One of the most significant challenges presented by the sheer volume of material available for adaptation is deciding what to leave out. In a book-length work of nonfiction, a writer has the luxury of inventing a story and leaving out details that don’t serve the narrative. When adapting a real event for film, that luxury is no longer available to the screenwriter, and that’s what makes the task more complex.

Take, for example, the events surrounding the Russian Revolution of 1917. If you’ve never studied Russian history in detail, it might be difficult to decide what aspects of this significant event to include in your screenplay. Are you going to focus on the role of the Bolshevik Party or the peasant rebellions that preceded it? What about the fact that Lenin’s first attempt at seizing power was brutally suppressed by the Imperial Russian Army? Or the role of women in the Russian Revolution, or the persecution of minority groups such as the Jewish people during that period? What about the fact that, following the revolution, Russia was plunged into an appalling civil war?

These are all questions that the screenwriter would have to answer if they are to keep the narrative flowing smoothly. But the answer to all of these questions doesn’t have to be found in the pages of a single book. Instead, it can be discovered through extensive research and analysis of periodicals such as The Economist, The New York Times, and others. This kind of historical research is vital if you want to tell the story of a unique event that played a critical role in shaping the modern world. It also helps establish a cinematic world that is internally consistent and rich in detail. These are all things that can only be achieved through careful research and fact-checking, things that fiction simply cannot offer.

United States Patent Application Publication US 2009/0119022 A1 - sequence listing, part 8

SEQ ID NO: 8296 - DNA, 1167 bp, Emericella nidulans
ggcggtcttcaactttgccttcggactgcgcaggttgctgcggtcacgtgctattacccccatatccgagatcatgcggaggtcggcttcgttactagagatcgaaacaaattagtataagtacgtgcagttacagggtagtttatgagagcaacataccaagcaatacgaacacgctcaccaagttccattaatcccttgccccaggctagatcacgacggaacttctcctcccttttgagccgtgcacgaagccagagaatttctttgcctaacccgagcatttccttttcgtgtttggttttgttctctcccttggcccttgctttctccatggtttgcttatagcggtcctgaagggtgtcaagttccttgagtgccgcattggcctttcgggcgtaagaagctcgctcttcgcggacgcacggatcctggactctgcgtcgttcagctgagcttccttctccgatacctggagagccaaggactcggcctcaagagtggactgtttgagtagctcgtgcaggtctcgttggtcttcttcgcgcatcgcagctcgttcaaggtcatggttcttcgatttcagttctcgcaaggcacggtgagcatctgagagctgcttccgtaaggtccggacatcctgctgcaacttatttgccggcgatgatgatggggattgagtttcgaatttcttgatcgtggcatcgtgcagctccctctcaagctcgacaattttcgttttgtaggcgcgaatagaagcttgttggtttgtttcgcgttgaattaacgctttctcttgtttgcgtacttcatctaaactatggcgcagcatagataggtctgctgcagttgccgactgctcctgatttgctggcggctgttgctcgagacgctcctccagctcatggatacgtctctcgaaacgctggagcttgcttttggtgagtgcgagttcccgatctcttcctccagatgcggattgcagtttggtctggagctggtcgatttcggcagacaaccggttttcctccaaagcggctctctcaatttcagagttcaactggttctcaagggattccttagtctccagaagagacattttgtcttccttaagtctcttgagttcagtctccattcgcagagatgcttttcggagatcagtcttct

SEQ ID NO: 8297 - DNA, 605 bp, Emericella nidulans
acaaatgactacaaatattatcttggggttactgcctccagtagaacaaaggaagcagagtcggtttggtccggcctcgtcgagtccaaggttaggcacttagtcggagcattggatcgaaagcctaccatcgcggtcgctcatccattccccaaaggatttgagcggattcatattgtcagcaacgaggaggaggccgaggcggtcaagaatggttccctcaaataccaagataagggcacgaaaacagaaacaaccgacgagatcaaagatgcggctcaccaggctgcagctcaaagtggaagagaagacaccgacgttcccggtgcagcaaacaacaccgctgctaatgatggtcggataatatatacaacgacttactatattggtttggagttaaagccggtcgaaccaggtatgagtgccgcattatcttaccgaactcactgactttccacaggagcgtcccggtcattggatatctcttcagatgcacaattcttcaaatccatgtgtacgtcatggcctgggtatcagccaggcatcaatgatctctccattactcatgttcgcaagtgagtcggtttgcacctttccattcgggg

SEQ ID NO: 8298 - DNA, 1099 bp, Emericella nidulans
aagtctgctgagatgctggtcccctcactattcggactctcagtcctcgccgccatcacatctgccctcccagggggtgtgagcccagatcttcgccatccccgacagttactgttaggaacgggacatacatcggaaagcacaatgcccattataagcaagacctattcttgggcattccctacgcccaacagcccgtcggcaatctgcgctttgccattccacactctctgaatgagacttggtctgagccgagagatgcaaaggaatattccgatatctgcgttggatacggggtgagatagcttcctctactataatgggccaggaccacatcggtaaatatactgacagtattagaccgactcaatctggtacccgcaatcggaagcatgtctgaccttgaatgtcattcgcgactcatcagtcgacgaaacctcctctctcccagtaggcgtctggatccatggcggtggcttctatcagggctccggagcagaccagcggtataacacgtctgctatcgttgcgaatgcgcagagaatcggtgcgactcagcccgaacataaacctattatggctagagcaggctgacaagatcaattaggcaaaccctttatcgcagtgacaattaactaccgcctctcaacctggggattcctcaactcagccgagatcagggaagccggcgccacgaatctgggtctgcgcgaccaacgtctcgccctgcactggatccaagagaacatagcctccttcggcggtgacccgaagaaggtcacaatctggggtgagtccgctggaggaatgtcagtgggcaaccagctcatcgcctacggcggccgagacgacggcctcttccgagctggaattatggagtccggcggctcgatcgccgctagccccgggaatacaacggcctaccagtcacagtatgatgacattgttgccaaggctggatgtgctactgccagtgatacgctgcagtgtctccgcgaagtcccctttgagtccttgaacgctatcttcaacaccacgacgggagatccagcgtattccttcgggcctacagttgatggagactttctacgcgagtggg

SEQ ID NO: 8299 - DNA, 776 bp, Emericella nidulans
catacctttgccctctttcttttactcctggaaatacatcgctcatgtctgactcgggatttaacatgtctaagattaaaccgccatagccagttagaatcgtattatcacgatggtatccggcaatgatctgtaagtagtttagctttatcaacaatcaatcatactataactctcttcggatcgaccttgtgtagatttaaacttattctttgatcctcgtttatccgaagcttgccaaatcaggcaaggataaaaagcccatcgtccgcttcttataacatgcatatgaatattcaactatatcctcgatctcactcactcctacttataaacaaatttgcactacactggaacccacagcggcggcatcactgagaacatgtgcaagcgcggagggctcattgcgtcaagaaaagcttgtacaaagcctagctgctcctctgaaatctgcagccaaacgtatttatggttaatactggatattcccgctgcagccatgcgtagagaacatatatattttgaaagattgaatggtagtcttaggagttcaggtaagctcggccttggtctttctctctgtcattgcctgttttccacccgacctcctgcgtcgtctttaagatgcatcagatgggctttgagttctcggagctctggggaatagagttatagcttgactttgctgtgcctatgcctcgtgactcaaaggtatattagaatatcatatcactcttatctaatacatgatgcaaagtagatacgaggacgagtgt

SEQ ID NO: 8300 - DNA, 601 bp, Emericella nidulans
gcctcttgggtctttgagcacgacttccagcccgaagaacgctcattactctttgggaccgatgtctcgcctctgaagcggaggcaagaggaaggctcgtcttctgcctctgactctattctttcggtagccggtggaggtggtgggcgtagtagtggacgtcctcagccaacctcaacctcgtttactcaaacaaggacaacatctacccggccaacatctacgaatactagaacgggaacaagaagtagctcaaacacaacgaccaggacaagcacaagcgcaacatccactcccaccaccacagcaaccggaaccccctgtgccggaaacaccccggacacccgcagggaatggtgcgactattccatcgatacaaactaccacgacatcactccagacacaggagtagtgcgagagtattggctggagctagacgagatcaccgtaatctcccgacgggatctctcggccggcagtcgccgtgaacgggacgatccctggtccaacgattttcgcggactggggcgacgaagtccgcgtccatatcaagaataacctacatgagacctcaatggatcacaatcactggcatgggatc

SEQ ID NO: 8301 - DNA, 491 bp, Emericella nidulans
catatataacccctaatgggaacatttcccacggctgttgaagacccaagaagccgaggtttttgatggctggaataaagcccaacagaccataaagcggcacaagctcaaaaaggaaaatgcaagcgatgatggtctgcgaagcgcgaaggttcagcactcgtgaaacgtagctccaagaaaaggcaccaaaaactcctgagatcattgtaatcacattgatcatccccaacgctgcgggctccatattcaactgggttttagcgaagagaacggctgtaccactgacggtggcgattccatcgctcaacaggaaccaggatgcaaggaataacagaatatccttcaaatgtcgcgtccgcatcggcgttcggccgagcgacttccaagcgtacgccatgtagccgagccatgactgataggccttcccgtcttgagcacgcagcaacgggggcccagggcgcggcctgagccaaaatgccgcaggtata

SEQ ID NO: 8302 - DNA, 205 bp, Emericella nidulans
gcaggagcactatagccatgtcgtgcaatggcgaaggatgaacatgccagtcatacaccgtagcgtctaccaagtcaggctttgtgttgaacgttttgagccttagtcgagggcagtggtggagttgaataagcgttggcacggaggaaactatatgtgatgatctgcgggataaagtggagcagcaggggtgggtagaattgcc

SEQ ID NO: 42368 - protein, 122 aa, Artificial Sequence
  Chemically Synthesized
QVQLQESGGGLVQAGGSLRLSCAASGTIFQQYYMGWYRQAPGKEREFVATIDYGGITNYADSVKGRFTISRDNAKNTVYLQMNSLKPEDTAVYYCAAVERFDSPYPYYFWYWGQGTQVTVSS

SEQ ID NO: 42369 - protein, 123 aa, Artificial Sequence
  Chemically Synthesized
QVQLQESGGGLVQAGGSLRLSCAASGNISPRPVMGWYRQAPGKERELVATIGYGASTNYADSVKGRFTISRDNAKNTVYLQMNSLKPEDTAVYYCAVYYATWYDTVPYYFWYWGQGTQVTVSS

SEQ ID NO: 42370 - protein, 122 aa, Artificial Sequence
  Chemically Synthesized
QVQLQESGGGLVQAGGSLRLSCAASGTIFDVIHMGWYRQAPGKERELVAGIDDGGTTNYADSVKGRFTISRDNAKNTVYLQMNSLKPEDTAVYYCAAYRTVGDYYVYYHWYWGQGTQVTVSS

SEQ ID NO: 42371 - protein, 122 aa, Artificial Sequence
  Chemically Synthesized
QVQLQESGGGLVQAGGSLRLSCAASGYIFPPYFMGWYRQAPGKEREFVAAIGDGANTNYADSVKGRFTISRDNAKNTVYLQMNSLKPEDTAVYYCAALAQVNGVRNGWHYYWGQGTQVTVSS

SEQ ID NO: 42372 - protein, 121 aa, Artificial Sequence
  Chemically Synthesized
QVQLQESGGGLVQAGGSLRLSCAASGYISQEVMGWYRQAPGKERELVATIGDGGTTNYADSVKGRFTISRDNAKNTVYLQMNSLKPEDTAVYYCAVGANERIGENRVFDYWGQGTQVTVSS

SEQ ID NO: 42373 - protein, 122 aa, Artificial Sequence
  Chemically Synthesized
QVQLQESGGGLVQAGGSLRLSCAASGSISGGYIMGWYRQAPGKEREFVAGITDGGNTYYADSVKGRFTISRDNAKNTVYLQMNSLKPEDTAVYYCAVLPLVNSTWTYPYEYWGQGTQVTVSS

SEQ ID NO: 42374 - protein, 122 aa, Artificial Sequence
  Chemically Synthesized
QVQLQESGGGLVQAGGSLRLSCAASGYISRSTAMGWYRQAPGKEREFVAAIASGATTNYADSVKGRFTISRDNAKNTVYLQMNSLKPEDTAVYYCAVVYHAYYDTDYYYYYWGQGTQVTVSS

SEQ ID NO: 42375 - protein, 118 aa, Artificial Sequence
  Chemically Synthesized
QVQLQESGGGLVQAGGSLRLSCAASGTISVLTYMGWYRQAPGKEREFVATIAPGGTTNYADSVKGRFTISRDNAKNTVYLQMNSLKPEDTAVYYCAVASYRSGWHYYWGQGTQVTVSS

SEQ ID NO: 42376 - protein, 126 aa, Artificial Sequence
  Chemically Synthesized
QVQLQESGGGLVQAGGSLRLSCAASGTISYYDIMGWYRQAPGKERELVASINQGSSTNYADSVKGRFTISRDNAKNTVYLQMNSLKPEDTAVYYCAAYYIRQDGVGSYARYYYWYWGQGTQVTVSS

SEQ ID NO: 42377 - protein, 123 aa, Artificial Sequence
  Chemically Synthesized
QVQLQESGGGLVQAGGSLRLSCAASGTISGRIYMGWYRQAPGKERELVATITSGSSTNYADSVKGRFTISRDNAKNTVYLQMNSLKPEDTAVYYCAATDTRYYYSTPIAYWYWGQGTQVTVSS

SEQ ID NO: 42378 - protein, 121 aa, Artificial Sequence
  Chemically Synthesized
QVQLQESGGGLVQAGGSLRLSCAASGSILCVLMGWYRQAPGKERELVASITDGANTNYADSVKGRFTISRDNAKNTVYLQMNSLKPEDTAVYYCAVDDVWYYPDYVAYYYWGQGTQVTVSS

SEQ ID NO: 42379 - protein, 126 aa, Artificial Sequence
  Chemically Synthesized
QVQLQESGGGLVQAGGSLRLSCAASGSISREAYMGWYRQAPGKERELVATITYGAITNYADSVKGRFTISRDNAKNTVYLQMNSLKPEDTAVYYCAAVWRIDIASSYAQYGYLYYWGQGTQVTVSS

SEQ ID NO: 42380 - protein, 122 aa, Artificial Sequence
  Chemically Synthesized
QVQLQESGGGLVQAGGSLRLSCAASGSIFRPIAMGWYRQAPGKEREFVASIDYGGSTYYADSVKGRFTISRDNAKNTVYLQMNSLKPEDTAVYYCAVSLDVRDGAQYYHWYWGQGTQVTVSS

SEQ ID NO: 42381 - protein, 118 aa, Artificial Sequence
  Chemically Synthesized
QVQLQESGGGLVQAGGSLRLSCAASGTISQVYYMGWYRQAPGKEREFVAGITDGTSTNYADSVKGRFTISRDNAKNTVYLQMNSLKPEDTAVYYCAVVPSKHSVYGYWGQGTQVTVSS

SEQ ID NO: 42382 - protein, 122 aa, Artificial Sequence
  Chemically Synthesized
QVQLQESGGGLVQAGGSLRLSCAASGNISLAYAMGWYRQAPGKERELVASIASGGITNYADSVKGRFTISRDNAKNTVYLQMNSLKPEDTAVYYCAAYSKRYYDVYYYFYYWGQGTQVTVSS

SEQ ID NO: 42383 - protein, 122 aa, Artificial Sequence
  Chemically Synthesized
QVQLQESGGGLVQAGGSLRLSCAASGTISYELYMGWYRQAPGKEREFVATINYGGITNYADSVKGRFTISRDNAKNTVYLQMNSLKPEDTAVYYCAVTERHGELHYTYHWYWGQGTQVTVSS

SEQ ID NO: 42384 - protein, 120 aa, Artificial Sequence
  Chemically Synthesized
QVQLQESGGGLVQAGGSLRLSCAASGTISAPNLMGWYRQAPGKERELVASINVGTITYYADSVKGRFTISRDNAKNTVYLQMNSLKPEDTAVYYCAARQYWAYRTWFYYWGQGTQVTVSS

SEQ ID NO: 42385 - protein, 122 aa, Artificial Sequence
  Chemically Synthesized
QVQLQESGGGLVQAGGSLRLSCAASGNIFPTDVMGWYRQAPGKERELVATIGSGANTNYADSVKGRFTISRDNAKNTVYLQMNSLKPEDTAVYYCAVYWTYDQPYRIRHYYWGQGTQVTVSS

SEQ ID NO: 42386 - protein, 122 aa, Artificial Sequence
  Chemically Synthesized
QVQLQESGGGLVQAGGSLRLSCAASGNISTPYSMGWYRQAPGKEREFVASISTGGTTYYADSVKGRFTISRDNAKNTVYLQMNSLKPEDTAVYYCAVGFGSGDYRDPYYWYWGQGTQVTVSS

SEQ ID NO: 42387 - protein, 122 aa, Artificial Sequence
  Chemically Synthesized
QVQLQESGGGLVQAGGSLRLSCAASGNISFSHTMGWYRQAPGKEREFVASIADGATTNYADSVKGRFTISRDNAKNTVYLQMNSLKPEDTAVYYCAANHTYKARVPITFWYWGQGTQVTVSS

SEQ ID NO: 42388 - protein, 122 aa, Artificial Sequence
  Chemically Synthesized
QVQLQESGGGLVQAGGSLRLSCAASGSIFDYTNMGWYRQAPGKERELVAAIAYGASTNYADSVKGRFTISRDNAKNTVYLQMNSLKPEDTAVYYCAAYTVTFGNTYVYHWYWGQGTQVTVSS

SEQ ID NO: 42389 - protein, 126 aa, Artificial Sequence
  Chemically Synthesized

Why Is The King’s Speech So Special?

Aside from the fact that it’s based on a true story (sort of like The Godfather Part II or Forrest Gump), what makes The King’s Speech significantly different from other biopics is that it is a masterful blend of fact and fiction. While the setting and major themes of the film are rooted in reality, its narrative structure, characters, and dialogue are all thoroughly fictionalized.

What this means is that unlike most films based on real events, The King’s Speech doesn’t simply stick to the facts of the story. Instead, it uses the facts as a starting point for exploring the many themes that are relevant to the human condition. It is in this way that the film transcends factual biopics and becomes something more.

The fact that The King’s Speech is a fictionalized account of real events makes it a bit more complicated to gauge the film’s overall success. After all, it would not be unprecedented for a work of fiction to become a major motion picture. But this would still only account for a portion of what makes The King’s Speech so significant, for it is steeped in themes, subplots, and characters that are as interesting as, if not more interesting than, its largely factual narrative. In other words, while the facts of The King’s Speech may not be exceptional, what happens next is something else entirely, and it is to that final portion of the story that we now turn.